Oxford BioDynamics to conduct biomarker discovery programme in Malaysia

11 August 2016 (Last Updated August 11th, 2016 18:30)

UK-based biotechnology company Oxford BioDynamics along with its subsidiary in Malaysia is expanding the biomarker discovery programme for diagnostic tests to address Amyotrophic Lateral Sclerosis (ALS).

UK-based biotechnology company Oxford BioDynamics along with its subsidiary in Malaysia is expanding the biomarker discovery programme for diagnostic tests to address Amyotrophic Lateral Sclerosis (ALS).

The research programme, which intends to involve patients suffering from ALS, as well as healthy subjects, will be headed by University of Malaya neurology head Professor Goh Khean Jin.

The trial is aimed at developing tests to assist doctors in diagnosing ALS within the initial period of the exhibition of symptoms.

"Looking at how chromosomes fold differently inside healthy and diseased cells, will help us bring forward fully developed biomarker tools for patients with ALS."

A diagnosis to confirm the disease can take a year due to the range and complexity of the symptoms associated with the disease.

The studies to be conducted in Malaysia will follow the UK study of 100 ALS patients and 100 healthy subjects.

The UK study found support from the UK government and Oxford University and the study conducted in the US was supported by Massachusetts General Hospital and the Northeast Amyotrophic Lateral Sclerosis Consortium (NEALS).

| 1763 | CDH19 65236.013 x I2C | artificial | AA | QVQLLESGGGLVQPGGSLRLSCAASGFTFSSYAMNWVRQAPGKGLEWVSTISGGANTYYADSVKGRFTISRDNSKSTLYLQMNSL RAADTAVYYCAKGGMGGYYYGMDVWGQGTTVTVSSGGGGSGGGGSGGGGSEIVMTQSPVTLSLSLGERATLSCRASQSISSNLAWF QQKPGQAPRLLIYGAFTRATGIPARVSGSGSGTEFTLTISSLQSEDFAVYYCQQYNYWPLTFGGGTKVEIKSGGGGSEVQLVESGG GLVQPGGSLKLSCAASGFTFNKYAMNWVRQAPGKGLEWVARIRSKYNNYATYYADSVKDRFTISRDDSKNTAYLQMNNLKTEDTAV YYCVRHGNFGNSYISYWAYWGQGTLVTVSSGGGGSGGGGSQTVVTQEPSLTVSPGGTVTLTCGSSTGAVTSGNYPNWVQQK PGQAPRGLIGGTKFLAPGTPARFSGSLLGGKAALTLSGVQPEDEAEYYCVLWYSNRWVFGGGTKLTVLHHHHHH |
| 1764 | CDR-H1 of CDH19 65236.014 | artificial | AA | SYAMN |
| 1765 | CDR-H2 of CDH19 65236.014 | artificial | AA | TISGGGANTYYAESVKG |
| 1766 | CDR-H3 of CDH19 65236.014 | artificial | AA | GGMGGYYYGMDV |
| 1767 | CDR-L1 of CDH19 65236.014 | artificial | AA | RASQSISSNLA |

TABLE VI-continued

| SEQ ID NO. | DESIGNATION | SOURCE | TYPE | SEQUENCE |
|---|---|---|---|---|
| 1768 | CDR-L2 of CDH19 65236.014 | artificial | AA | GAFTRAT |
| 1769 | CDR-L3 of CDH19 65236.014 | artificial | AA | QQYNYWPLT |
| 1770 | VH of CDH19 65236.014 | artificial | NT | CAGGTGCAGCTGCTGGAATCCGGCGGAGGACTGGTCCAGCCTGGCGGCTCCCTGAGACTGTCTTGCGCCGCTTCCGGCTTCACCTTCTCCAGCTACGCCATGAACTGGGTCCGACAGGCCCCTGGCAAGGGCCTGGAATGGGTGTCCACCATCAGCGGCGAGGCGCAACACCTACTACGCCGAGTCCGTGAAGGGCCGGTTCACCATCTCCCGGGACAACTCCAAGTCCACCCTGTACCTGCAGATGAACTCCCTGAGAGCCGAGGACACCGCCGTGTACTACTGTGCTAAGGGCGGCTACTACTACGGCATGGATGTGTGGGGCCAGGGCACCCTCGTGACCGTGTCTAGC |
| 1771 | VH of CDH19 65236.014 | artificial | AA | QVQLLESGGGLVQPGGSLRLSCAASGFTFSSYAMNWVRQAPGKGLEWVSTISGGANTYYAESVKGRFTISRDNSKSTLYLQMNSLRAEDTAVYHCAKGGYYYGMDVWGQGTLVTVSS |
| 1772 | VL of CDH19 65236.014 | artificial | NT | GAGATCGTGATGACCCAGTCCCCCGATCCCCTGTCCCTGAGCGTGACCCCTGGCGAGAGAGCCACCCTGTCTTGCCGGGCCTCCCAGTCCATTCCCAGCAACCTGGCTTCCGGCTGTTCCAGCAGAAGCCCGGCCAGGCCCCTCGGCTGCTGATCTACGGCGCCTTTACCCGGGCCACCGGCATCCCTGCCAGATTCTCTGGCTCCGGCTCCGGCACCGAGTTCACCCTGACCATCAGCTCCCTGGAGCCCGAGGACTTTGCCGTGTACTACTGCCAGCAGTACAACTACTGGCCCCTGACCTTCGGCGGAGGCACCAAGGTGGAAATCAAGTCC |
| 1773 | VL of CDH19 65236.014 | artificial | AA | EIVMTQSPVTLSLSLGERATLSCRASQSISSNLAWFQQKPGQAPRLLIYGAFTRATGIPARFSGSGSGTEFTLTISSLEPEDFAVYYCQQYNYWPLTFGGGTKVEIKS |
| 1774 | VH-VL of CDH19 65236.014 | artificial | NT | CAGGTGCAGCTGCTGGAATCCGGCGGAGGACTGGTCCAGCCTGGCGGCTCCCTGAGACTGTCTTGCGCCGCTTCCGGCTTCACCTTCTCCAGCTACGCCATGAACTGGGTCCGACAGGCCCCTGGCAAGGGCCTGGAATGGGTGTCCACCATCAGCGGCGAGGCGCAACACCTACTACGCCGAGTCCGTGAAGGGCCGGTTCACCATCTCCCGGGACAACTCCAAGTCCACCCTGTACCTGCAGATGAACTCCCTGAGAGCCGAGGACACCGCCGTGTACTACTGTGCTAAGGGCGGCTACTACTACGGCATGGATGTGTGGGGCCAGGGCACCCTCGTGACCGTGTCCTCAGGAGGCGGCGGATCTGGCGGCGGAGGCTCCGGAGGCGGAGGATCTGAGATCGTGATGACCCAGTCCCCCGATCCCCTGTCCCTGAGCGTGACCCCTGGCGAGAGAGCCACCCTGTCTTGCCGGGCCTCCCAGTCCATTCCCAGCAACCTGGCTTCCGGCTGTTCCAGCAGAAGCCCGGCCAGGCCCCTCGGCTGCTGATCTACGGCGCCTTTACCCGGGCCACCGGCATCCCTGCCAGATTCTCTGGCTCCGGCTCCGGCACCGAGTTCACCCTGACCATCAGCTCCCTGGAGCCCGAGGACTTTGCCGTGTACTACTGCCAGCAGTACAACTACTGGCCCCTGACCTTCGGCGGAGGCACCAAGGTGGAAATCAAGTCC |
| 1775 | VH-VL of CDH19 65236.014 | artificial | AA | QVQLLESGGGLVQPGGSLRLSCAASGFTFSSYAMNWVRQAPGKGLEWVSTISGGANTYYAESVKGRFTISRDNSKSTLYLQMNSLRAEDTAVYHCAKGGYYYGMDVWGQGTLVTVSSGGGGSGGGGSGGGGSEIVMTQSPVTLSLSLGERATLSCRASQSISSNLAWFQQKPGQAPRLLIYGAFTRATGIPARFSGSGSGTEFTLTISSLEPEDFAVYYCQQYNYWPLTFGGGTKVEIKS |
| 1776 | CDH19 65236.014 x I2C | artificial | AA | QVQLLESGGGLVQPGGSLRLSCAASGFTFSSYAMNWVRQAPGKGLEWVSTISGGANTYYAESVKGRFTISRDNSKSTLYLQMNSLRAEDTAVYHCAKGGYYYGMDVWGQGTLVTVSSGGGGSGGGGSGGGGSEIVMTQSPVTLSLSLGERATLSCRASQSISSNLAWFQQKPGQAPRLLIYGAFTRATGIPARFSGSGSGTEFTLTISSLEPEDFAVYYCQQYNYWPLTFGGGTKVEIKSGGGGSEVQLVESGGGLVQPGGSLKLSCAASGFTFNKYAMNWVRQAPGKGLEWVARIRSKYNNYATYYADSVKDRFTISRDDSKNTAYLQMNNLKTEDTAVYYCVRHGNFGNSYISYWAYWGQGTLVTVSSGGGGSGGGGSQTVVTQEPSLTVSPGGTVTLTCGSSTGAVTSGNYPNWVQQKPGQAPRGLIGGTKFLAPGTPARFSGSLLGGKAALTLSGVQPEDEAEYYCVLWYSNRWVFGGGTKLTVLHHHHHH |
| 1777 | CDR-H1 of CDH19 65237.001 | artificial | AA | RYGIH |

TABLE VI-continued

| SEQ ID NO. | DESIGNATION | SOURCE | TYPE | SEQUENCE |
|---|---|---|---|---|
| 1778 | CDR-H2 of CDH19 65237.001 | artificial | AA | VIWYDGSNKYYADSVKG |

Oxford BioDynamics co-founder and CEO Dr Alexandre Akoulitchev said: “The effect of delayed diagnosis in ALS patients can be catastrophic for quality of life among patients.

“Our work in Malaysia, looking at how chromosomes fold differently inside healthy and diseased cells, will help us bring forward fully developed biomarker tools for patients with ALS.

“We are very excited to see the immediate results from applications in neurodegenerative indications, especially in ALS, where the unmet clinical need for early diagnosis and prognosis is great.”

The previous findings in the research detected nine systemic epigenetic biomarkers in ALS patients related to the immuno-footprint of the disease.

The Malaysian study will be conducted on the basis of these biomarkers, demonstrating their applicability across the breadth of the human genome.